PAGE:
Trust cleared in civil case over drug bust confiscations
GRANT BRYANT IN QUEENSTOWN
A family trust dragged into a drug sting has had seized assets returned and will receive costs.
Invercargill's Payne Family Trust had a boat, outboard motor and boat trailer valued at $38,000 seized under the Proceeds of Crime (Recovery) Act when a police sting dubbed Operation Canary swung into action in late June.
About 30 police were involved in the bust of a cannabis growing ring, resulting in five men from Queenstown, Glenorchy, Northern Southland and Invercargill being arrested.
Three properties, one belonging to the trust, were restrained under the act in July, as well as $100,000 in cash, the boat and two vehicles valued at $45,000.
Invercargill man David Payne, who is one of three trustees of the Payne Family Trust, faced 12 criminal charges, 11 for cultivating cannabis and one for possessing cannabis with the purpose of selling or offering to sell it, in the direct aftermath of Operation Canary.
The first hearing of civil charges relating to property seized in the case was heard in the Invercargill High Court on November 19.
The Southland Times acquired a copy of Justice Simon France's judgment, which clears the family trust of any involvement in the case, and returned the seized boat to trust possession.
Justice France said the trust's involvement was now at an end and he ruled costs should be awarded to the trust by police, plus "reasonable disembursment" to be calculated by court registrars, if police objected to paying costs.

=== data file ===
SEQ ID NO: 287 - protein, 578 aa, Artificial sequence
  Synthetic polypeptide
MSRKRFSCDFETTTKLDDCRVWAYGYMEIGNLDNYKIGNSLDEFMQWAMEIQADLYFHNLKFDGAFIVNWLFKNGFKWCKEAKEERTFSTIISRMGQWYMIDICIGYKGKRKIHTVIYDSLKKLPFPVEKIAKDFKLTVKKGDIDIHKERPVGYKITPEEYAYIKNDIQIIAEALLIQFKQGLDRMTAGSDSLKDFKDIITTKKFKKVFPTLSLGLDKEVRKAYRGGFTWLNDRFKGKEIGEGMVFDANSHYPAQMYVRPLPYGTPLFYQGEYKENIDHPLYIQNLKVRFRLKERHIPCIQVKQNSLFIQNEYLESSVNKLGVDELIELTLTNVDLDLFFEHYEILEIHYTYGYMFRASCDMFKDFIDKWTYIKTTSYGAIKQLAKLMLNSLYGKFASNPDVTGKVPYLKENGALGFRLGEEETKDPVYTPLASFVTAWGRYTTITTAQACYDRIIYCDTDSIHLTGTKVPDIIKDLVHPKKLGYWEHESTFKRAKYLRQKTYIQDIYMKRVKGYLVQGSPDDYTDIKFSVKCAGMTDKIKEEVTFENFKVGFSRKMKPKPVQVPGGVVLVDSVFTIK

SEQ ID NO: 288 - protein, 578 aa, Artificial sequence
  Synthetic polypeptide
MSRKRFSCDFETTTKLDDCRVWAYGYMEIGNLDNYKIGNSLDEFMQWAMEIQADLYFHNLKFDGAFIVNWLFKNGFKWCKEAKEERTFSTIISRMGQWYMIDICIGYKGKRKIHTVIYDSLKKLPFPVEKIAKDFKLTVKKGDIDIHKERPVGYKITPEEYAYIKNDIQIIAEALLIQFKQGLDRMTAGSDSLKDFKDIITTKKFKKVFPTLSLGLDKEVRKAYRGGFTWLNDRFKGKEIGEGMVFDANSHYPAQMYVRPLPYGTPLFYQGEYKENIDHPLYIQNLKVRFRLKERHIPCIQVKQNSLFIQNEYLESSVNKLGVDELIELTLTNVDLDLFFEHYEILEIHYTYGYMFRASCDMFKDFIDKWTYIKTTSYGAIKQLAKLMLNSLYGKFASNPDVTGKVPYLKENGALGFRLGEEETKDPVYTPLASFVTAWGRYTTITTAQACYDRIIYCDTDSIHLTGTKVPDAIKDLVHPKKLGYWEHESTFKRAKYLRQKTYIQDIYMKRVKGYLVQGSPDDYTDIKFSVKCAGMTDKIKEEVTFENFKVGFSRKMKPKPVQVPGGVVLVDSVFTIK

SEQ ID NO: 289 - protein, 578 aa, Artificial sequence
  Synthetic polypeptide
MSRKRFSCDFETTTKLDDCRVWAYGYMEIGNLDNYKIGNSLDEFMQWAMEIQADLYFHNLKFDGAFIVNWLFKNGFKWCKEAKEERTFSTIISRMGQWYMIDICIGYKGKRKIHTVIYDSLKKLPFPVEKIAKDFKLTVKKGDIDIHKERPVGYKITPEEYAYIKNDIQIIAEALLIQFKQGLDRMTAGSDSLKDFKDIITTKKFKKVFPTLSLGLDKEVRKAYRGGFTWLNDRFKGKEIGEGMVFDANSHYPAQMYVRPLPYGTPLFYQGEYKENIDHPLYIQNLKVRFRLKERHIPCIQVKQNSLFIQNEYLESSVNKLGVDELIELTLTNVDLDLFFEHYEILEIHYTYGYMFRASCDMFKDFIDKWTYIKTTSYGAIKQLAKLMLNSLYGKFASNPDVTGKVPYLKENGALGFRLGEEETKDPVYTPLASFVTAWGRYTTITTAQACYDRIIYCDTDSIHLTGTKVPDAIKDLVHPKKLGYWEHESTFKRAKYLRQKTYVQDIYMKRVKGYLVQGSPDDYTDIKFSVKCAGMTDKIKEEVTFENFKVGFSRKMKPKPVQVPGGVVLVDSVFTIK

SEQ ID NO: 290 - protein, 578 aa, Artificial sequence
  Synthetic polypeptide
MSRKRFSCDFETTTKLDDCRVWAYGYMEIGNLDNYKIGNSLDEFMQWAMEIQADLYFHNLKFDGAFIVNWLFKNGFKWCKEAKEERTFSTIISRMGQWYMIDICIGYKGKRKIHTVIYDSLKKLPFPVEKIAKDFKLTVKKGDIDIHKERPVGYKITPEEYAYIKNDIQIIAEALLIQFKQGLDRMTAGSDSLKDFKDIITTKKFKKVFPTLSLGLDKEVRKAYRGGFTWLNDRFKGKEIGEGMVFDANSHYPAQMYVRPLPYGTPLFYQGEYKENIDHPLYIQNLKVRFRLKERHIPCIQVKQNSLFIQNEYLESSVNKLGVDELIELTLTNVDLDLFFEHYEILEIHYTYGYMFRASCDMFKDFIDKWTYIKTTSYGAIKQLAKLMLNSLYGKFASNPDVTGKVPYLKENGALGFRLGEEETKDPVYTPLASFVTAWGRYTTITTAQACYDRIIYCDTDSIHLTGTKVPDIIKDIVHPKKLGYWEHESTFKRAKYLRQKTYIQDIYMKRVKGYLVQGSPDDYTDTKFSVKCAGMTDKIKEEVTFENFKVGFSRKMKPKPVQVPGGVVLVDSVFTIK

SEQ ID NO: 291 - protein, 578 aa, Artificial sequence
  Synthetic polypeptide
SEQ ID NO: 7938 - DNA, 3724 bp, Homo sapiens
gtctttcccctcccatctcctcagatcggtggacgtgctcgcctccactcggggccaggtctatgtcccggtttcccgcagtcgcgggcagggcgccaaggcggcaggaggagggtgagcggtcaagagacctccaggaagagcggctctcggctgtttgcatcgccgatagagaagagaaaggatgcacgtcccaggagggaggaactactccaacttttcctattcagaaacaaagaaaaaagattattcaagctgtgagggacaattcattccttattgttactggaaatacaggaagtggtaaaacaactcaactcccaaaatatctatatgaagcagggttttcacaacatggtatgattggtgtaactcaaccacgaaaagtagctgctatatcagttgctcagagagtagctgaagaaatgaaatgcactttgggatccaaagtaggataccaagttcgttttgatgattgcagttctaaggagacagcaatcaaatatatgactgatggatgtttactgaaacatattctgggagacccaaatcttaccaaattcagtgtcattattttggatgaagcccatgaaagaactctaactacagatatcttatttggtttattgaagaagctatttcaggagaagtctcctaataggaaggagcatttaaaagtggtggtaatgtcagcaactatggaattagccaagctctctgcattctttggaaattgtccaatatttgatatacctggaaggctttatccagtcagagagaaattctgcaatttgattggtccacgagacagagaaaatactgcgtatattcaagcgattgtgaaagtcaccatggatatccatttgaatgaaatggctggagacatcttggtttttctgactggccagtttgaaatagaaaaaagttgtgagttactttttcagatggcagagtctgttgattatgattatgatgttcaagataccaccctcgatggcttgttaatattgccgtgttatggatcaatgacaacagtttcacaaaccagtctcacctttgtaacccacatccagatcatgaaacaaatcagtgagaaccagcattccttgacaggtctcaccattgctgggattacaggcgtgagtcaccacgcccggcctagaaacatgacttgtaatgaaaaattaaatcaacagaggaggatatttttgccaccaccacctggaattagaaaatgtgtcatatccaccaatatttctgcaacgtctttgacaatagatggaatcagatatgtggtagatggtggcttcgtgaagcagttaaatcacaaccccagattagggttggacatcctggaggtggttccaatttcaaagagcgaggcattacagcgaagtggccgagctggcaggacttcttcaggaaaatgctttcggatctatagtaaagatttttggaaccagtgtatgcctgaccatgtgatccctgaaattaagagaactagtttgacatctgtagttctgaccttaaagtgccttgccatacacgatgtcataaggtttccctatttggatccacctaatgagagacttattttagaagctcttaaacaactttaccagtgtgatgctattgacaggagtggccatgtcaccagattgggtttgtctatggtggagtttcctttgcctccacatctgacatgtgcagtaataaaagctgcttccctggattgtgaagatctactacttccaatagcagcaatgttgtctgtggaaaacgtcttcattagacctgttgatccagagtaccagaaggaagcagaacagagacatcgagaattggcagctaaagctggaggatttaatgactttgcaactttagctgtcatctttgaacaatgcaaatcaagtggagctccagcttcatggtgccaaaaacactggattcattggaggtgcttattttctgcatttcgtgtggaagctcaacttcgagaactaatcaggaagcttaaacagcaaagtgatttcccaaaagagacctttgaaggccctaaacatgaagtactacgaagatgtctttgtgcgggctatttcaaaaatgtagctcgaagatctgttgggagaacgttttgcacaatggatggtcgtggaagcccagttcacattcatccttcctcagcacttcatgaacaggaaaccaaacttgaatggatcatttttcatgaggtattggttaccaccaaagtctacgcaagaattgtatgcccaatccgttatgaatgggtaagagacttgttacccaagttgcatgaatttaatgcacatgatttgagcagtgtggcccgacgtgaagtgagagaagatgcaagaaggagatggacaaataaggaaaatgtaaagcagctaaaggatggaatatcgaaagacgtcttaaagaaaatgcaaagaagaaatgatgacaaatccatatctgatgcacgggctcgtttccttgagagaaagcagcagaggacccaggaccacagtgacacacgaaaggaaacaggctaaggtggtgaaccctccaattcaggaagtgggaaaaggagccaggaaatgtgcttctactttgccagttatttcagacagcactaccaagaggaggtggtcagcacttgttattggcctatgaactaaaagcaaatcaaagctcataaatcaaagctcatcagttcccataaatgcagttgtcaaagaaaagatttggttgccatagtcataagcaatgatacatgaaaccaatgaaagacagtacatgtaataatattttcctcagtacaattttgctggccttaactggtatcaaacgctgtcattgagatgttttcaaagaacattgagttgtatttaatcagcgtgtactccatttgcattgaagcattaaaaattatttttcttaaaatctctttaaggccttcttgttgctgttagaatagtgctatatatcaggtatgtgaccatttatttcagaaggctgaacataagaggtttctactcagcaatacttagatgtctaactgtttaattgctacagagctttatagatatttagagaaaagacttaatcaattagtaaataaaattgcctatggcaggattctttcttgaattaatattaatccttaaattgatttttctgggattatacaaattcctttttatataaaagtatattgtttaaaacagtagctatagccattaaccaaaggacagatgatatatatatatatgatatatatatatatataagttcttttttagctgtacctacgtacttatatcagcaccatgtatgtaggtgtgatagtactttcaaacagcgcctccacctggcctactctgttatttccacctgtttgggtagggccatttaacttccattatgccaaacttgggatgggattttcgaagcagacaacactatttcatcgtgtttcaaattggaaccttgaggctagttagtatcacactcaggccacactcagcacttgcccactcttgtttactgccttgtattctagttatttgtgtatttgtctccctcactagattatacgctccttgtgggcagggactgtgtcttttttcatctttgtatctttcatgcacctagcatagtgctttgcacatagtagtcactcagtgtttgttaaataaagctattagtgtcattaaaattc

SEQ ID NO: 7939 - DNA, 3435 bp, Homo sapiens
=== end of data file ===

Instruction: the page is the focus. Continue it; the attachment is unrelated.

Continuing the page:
The trust released a statement saying they expected such a ruling, but were nevertheless relieved by the court's decision.
"The return of property and the order of costs against the police by Justice France has clearly vindicated our position," the statement said.
"This follows on from the return of David's car in July, which also had been seized. The police, after lengthy investigations, have provided no evidence to substantiate their claims that property was acquired from illegal activities."
Police were "provided numerous opportunities" to withdraw from court proceedings, but chose not to, costing taxpayers tens of thousands of dollars, the trust's statement said.
"For the police to then pursue this matter begs a few questions. We suggest the Government together with the general public have a good hard look at these actions especially in light of other significant decisions made against police by the court recently."
- © Fairfax NZ News
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